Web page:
British and Irish fairies have been around since 500 AD. But ever since the Cottingley Fairy Hoax of 1917-21, their credibility and popularity have been in sharp decline. However, with the new-found popularity of fantasy series such as Game of Thrones, those wishing to be “away with the fairies” is on the increase once more, and British fairies are regaining their old lustre. Magical Folk: British and Irish Fairies by Dr Simon Young and Dr Ceri Houlbrook (hb, 9781783341238, £16.99) is the first major history of the tiny folk in almost half a century and as the Herald wrote recently, is “a big insight into the lives of little people… provocative.” This handsome hardback has just been published by Gibson Square, and has already had some extremely good review coverage, with the Mail on Sunday calling it “enchanting” the Independent calling it “a gazetteer of myths, legends, and sightings” and the Sunday Telegraph describing it as “engaging and authoritative… British fairies, it turns out, are classic eccentrics.” It contains black and white illustrations, is 300 pages and has a gorgeous evocative cover – the ideal browse on a cold winter’s night!
The Cottingley Fairies are probably the most famous example – but who’d like to see some others? Here are the Top Five “real” fairies caught on camera! This is a very entertaining five-minute film – but I’m afraid it does seem to be narrated by an alien – or possibly Siri.
The Book of Tbilisi (pb, £9.99, 978 1910974315) was published by Comma Press right at the end of last year – so you may have missed it. It was named as one of World Literature Today's 75 Notable Translations of 2017 – you can read about all of the titles chosen here. In the 26 years since Georgia declared independence from the Soviet Union, the country and its capital, Tbilisi, have endured unimaginable hardships: one coup d'état, two wars with Russia, the cancer of organised crime, and prolonged periods of brutalising, economic depression. Now, as the city begins to flourish again – drawing hordes of tourists with its eclectic architecture and famous, welcoming spirit – it's difficult to reconcile the recent past with this glamorous and exotic present. With wit, warmth, heartbreaking realism, and a distinctly Georgian sense of neighbourliness, the ten stories in The Book of Tbilisi do just that. This new collection of translated stories is part of Comma’s very popular Reading the City series which already includes Tokyo (978 1905583577), Gaza (978 1905583645), Dhaka (978 1905583805) and Khartoum (978 1905583720). Coming in February is The Book of Havana (978 1910974018) – which I’ll tell you more about next week!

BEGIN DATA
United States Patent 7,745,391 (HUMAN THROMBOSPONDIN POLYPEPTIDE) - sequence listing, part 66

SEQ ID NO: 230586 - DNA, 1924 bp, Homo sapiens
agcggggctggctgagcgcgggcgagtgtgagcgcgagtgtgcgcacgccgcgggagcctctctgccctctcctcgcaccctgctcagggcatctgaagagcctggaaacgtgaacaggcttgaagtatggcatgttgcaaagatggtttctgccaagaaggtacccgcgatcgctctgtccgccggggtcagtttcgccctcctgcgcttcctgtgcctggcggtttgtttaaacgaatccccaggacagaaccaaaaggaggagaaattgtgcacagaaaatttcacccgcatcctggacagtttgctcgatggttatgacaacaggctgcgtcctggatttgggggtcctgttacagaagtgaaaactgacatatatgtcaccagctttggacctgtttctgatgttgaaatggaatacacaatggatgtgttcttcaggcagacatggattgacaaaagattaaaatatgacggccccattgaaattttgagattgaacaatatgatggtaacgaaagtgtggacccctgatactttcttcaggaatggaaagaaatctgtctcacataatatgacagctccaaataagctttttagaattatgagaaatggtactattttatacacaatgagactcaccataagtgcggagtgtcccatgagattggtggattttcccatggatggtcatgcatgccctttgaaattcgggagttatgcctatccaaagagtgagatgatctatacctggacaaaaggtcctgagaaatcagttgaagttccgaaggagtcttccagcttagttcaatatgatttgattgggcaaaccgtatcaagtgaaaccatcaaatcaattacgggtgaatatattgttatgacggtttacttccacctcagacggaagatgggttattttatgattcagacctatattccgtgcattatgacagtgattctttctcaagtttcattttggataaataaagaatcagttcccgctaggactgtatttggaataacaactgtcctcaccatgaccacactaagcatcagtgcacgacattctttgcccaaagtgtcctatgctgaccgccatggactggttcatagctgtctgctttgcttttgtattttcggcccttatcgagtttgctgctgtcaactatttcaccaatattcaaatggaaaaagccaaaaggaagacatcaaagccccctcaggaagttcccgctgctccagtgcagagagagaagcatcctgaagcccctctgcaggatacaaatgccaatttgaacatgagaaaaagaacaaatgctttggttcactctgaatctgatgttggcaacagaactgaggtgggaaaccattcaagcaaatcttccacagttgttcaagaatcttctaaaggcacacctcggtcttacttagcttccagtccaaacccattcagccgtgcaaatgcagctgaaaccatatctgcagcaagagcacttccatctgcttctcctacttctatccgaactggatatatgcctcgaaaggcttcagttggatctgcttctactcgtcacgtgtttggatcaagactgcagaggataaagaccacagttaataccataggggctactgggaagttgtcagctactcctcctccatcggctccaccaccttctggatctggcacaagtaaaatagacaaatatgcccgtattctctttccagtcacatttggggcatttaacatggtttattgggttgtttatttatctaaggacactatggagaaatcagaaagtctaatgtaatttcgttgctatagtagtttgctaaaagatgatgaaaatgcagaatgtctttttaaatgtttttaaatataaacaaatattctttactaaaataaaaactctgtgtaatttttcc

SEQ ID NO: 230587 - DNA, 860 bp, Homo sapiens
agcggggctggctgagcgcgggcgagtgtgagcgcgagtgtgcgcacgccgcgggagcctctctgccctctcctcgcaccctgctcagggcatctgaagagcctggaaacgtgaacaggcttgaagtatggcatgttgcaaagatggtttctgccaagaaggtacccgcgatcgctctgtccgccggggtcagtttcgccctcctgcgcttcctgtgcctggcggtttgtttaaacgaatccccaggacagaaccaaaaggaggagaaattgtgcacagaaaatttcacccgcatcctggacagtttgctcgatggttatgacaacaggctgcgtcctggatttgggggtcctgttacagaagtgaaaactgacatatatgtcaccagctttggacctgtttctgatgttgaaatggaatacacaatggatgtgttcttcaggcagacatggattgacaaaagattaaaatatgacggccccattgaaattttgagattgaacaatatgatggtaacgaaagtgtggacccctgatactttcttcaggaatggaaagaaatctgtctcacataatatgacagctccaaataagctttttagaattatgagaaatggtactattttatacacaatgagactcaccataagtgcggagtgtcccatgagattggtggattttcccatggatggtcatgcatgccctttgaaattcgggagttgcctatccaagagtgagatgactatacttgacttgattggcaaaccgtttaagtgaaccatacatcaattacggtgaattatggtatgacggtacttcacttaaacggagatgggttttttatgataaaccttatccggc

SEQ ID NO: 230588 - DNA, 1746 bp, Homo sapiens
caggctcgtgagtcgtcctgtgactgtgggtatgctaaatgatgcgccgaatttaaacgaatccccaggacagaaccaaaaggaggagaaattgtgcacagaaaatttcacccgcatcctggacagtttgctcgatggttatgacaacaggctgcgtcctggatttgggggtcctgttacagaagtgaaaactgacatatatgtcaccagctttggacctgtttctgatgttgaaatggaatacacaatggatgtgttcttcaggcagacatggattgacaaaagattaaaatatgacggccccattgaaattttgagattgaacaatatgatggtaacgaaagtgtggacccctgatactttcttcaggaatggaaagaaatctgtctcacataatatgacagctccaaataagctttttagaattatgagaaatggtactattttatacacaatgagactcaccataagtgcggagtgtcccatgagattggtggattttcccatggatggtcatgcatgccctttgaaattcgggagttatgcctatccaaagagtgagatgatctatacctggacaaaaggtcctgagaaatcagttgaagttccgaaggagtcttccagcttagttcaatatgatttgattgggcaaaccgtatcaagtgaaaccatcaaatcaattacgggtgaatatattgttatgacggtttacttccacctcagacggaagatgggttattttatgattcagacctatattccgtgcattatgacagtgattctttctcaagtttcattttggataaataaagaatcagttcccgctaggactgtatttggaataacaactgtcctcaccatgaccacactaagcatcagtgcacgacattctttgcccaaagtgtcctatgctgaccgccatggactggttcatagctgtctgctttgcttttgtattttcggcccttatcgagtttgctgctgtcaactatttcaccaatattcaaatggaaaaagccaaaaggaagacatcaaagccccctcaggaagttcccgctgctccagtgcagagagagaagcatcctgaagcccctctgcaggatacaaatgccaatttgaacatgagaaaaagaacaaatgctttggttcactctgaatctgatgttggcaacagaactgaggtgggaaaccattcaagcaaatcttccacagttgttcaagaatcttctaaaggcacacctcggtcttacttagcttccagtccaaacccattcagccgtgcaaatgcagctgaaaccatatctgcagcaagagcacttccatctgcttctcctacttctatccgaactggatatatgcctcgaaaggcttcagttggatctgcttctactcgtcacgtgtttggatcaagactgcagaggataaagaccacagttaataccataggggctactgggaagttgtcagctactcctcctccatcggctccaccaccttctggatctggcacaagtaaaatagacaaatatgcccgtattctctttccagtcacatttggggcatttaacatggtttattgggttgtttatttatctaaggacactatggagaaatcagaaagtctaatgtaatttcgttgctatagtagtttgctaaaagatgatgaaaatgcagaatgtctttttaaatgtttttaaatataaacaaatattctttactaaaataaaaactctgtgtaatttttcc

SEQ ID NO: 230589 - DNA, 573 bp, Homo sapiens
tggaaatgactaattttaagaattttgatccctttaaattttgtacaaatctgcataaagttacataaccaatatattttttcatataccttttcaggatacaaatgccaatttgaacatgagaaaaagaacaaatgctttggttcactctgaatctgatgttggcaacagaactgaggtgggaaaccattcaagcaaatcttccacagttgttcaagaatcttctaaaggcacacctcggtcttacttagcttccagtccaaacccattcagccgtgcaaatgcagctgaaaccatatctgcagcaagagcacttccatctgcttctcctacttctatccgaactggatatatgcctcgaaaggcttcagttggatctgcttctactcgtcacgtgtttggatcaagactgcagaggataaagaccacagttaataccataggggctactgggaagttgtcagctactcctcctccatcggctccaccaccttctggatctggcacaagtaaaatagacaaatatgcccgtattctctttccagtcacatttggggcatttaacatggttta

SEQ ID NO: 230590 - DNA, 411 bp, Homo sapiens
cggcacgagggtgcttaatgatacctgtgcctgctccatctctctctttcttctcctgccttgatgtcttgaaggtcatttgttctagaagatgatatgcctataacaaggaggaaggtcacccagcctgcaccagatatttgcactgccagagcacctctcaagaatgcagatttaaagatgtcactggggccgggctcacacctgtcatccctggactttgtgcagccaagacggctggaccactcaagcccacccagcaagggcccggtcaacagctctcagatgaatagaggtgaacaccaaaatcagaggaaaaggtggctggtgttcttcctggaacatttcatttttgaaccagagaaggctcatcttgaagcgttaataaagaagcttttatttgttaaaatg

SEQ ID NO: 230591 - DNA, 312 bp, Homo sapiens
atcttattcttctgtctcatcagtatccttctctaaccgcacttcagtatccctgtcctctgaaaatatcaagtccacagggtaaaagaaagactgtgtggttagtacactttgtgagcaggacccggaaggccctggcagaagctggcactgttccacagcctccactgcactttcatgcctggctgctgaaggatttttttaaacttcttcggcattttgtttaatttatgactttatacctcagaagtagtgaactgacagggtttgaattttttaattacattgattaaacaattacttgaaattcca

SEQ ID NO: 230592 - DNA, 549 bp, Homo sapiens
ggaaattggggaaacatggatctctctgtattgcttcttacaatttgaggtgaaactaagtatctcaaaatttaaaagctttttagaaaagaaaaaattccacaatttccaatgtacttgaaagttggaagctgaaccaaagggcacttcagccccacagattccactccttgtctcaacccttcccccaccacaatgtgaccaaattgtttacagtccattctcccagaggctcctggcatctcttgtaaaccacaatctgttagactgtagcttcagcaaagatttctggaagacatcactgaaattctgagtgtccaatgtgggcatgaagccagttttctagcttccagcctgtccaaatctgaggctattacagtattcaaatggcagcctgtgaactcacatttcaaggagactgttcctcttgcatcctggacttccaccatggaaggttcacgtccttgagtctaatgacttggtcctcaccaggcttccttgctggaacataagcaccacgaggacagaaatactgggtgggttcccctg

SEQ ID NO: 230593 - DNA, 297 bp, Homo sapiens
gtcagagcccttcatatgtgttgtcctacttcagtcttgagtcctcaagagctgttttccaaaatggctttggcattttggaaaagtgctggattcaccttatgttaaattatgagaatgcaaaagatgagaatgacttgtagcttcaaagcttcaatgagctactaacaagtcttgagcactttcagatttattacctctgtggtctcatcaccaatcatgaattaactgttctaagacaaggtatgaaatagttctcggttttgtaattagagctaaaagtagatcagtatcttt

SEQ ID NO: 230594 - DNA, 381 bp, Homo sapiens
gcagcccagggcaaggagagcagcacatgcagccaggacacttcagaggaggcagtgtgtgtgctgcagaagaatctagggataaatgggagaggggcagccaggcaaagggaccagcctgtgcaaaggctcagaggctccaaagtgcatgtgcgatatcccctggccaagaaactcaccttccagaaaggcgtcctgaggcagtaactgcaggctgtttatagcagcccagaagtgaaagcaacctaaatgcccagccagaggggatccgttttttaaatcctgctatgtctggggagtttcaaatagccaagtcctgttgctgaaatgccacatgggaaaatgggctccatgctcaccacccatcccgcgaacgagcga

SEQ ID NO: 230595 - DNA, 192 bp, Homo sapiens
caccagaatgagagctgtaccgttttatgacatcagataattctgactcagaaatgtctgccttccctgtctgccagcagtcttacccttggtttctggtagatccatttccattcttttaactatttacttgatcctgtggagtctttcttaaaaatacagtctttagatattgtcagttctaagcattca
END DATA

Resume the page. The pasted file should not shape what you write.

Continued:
Food and Sex: two appetites the modern world stimulates, but also the ones we are expected to keep under control. But what happens when we don't? Embarking on an affair, lonely wife and mother Naomi blossoms sexually in a false spring while David, the fattest boy at the local comprehensive and best friend of her son, struggles to overcome bullying and the apathy of his divorced mother. Appetite (£8.99, pb, 978 1910453476) by Anita Cassidy is an exciting debut novel which has just been published Red Door; it’s featured in this week’s Bella magazine and there is a feature on Anita coming up in the Guardian. Tipped as one of the Bookseller’s One to Watch in 2018 titles, Appetite is a pacy, thought-provoking novel making a potent statement against Big Food, Big Pharma, Government and the school system, as well as our 'sofa-box-set-take-away' culture. First written as a novel about food and sex, Appetite evolved into a book about love. It is about how people manage their relationships with food, and sex, and other people, and how to take that first step towards change, by becoming more self-aware. Great cover!
I am so pleased to say that Mya Guarnieri Jaradat has been shortlisted for the £4,000 Jewish Quarterly Wingate Literary Prize for her for her exploration of the lives of asylum seekers and migrant workers in The Unchosen: The Lives of Israel’s New Others (£14.99, pb, 978 0745336442). This beautifully written book, which draws on a decade of courageous and pioneering reporting, captures the voices and the struggles of some of the most marginalised and silenced people in Israel today. It is published by Pluto. The prize shortlist, celebrating writing demonstrating the "depth and diversity" of Jewish writing globally, comprises one novel, two memoirs, a work of investigative journalism, a history and a biography and you can read more about it in the Bookseller here.